I also have to mention that, even though he’s a much smaller character, I actually really like Marc, Reed’s friend. I think I know a lot about Marc that didn’t fit into the story and thus didn’t make it onto the page. He was definitely one of the lighter characters in the novel, so it was always a relief to write his lines/actions in the midst of all the drama
What is your favorite scene?
That’s a hard one! I think I’m going to go with Reed and Julia’s first kiss in the alley—it’s a somewhat idealized, darkly romantic moment that’s very innocent in a way. It’s kind of the one perfect, hopeful moment before everything gets more and more complicated…and I would have loved to get a kiss like that in high school!
Do you think the outcome would have been the same if the role of a music lover and druggie were to be switched in the characters?
That’s a very, very interesting question! It’s hard to get too specific without spoiling the ending, but yes, I think the outcome would very likely have been the same. And I would love to write that book someday!
Why did you decide to write in verse?
I’ve always really loved free verse novels, and since I had written a previous novel in verse and also took a number of poetry classes in grad school, I felt fairly comfortable with the form. I hoped the verse would help me stand out in the crowded YA market, and I also thought it was the best way to tell this story. It was particularly helpful in allowing me to convey Julia’s stream-of-consciousness thoughts and to portray the link between her dreams and waking life, and it was also a fun way to describe music. And the verse seemed especially appropriate for a retelling of Shakespeare, since he writes in blank verse and is so poetic himself. Obviously I can only aspire to and not match Shakespeare’s transcendent language!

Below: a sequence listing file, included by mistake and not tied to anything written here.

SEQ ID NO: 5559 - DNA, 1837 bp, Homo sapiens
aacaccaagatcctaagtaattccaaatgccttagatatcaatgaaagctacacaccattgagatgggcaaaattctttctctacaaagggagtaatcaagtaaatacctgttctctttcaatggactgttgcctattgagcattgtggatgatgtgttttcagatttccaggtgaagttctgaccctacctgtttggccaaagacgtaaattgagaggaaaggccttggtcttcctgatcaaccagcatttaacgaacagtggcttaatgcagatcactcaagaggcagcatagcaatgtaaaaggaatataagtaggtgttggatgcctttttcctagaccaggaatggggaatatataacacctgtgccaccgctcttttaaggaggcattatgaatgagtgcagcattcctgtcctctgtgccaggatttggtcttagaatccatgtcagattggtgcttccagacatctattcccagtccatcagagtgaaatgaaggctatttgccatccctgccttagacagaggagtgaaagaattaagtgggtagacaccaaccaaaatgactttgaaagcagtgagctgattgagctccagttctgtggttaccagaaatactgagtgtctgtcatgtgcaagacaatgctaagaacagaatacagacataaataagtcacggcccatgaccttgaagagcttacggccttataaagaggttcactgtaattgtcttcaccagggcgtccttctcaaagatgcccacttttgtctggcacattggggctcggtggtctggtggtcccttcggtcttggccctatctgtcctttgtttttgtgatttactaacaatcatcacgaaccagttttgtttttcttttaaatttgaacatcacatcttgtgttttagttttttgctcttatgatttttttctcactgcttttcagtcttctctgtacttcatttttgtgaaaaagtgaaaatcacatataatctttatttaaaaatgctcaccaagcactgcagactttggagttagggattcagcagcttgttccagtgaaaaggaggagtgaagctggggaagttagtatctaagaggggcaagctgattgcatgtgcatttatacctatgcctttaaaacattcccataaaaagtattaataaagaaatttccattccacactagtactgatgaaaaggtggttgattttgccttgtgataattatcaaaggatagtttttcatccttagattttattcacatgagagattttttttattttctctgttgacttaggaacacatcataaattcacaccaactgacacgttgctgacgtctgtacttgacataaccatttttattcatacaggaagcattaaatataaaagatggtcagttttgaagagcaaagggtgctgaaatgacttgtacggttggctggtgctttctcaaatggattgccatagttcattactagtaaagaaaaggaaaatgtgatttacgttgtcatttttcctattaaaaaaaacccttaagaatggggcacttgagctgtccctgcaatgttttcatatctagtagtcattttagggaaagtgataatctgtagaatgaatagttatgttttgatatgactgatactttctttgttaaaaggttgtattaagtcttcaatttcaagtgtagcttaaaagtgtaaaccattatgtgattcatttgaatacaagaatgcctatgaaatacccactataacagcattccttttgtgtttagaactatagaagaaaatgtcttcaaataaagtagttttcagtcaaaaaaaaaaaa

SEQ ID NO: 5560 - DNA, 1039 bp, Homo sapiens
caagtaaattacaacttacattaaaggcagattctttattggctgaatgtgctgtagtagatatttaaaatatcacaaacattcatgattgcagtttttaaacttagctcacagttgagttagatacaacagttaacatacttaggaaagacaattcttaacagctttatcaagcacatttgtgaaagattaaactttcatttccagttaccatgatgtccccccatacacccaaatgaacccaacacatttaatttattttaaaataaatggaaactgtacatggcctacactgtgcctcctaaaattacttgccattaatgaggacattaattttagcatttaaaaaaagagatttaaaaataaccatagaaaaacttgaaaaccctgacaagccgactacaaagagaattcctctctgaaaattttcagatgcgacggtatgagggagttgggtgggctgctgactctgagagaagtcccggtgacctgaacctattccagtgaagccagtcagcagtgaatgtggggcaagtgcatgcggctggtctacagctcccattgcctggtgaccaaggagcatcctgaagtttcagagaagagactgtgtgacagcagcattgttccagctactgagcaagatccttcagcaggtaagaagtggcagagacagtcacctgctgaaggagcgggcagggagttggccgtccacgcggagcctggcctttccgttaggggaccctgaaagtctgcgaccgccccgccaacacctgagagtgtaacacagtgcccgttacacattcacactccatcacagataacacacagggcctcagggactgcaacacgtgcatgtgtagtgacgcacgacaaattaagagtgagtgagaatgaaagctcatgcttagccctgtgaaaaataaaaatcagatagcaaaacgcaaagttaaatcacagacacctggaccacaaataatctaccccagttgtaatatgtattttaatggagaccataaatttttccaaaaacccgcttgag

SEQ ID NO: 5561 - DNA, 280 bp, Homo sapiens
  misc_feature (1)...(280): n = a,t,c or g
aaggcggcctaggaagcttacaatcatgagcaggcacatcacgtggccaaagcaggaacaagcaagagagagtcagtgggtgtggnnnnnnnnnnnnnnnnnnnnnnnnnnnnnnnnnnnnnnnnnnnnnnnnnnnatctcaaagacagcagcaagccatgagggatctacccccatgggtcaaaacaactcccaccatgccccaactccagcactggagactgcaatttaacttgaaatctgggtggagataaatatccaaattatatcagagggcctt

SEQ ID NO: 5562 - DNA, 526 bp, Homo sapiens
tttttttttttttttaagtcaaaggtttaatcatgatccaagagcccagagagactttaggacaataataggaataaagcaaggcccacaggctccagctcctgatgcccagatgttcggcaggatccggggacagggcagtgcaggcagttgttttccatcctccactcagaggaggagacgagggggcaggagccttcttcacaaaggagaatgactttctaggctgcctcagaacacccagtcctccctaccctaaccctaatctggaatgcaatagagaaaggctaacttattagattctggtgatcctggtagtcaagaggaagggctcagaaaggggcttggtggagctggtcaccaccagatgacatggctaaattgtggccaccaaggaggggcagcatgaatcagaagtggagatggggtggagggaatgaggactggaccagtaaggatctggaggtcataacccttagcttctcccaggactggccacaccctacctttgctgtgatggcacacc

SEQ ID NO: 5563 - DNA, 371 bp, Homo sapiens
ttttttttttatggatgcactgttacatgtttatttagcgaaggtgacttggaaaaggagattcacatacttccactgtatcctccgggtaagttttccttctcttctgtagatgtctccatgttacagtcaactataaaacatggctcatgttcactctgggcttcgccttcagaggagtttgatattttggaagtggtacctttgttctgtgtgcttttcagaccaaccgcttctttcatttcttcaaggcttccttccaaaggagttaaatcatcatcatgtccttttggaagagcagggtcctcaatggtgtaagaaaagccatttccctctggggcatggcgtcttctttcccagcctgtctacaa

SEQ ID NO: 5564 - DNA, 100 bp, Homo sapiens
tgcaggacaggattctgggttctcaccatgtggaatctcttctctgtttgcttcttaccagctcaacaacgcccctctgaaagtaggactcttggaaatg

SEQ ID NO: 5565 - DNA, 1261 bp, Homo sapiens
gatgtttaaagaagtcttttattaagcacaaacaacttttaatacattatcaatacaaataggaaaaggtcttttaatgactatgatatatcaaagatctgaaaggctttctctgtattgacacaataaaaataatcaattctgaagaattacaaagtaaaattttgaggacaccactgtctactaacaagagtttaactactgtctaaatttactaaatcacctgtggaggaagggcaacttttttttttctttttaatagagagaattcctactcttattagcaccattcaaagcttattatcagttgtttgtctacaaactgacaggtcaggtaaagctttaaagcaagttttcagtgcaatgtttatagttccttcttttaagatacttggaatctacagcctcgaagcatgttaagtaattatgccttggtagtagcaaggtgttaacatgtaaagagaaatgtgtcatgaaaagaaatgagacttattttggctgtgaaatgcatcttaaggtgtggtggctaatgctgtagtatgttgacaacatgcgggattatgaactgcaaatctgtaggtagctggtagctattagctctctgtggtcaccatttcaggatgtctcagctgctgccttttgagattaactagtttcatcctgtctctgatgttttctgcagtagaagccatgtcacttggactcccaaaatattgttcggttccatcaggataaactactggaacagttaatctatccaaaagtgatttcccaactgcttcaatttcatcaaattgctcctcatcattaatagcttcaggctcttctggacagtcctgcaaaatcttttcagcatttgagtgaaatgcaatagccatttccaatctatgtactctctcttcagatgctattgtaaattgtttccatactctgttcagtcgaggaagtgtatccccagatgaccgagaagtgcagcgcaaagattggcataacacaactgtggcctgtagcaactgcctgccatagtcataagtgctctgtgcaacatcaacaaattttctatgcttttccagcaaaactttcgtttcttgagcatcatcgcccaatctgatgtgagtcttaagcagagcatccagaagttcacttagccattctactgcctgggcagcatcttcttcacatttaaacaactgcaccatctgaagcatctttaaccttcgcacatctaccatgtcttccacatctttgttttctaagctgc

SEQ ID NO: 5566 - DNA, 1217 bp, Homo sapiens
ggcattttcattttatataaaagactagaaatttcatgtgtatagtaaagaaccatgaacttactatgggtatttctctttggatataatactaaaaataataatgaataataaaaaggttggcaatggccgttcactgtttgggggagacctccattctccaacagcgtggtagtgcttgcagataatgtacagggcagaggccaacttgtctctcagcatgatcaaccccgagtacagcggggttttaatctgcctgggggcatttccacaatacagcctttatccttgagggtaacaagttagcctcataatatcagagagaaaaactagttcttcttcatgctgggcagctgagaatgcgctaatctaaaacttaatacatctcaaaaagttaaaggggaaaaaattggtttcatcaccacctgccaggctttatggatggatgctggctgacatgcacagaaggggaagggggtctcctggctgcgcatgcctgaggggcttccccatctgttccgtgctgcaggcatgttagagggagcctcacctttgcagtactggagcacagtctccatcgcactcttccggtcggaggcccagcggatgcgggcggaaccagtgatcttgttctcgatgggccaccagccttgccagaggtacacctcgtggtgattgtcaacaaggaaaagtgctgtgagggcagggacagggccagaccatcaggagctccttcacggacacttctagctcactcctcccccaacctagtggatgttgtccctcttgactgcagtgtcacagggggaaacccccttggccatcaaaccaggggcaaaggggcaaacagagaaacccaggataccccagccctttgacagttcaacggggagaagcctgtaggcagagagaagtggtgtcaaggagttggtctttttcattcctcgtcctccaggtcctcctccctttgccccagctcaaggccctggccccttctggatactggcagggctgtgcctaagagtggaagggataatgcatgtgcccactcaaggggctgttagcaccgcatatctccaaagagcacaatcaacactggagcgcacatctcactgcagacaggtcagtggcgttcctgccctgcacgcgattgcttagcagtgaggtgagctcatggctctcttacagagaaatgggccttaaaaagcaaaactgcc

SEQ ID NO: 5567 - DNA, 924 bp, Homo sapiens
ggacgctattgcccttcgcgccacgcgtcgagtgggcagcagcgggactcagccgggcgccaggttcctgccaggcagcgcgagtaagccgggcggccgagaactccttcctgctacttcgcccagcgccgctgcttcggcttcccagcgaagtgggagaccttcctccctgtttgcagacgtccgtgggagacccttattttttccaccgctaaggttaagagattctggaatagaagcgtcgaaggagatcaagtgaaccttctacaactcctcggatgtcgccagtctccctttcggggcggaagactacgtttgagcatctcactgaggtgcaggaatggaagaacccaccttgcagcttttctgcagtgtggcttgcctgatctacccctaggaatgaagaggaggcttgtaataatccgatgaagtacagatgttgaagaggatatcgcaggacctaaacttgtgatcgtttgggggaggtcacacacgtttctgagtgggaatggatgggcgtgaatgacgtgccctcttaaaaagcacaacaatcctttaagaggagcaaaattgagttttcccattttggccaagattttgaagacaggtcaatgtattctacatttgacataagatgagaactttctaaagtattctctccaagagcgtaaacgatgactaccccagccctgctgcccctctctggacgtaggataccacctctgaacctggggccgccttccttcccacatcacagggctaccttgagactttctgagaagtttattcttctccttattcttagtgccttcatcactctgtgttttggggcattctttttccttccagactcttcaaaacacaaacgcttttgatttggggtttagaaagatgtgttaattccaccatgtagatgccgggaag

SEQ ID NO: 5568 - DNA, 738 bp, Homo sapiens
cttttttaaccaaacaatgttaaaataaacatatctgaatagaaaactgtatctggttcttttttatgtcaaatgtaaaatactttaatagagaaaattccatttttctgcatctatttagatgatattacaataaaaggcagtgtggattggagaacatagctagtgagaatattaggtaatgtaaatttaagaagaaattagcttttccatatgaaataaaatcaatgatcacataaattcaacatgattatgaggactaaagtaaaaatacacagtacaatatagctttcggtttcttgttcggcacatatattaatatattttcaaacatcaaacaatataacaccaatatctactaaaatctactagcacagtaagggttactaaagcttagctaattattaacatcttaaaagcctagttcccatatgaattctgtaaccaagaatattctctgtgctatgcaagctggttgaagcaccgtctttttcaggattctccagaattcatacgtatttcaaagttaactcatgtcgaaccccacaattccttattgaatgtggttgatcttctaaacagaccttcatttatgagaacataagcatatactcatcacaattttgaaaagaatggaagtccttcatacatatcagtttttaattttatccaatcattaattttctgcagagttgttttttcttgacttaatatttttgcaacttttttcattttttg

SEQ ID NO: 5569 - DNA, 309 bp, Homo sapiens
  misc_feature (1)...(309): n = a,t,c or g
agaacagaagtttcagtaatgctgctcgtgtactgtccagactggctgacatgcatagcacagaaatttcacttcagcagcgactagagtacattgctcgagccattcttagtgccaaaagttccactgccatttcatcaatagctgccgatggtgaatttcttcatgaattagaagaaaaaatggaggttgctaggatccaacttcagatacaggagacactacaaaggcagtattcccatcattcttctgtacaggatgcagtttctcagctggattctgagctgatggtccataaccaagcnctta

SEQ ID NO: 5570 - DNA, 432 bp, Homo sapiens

Are there any fictional characters you are in love with right now?
I just finished The Devil’s Metal by Karina Halle, which is an amaaazing book (but, warning, it’s definitely NOT YA). The male lead in that book, Sage Knightly, is the ultimate sexy, tortured, bad boy rock star—yes, he’s really a rock star! And I can’t stop thinking about him!
How long did it take you to write this book?
About eight months from first to last sentence, and then a few more months of revising.
In Defy the Stars By Stephanie Parent, two teenagers from different worlds collide. Julie, a pianist ever since she was little and has been trying her hardest to be accepted to the top fine arts schools. Reed is someone who has been struggling to keep a roof over his head and uses drugs as an escape. They have both been going to the same high school but finally interact in their senior year. Two love struck teenagers trying to find a bridge where they can be happy without their families judging them. With each attempt their worlds seem to drift further apart but it only makes them try harder. Absolutely loved this book because of the hardships the characters overcame, their determination to be together. Stephanie Parent did an amazing job incorporating teenage life now a days, I caught myself smiling from the memories it brought up. I couldn’t help but think how much more Julia was sacrificing than Reed and wanting to punch him in the face. I actually want to punch everybody in the face for making everything difficult for the couple to be together. Then again, being in love is never a smooth journey.
Another Romeo and Juliet, but one you will never forget.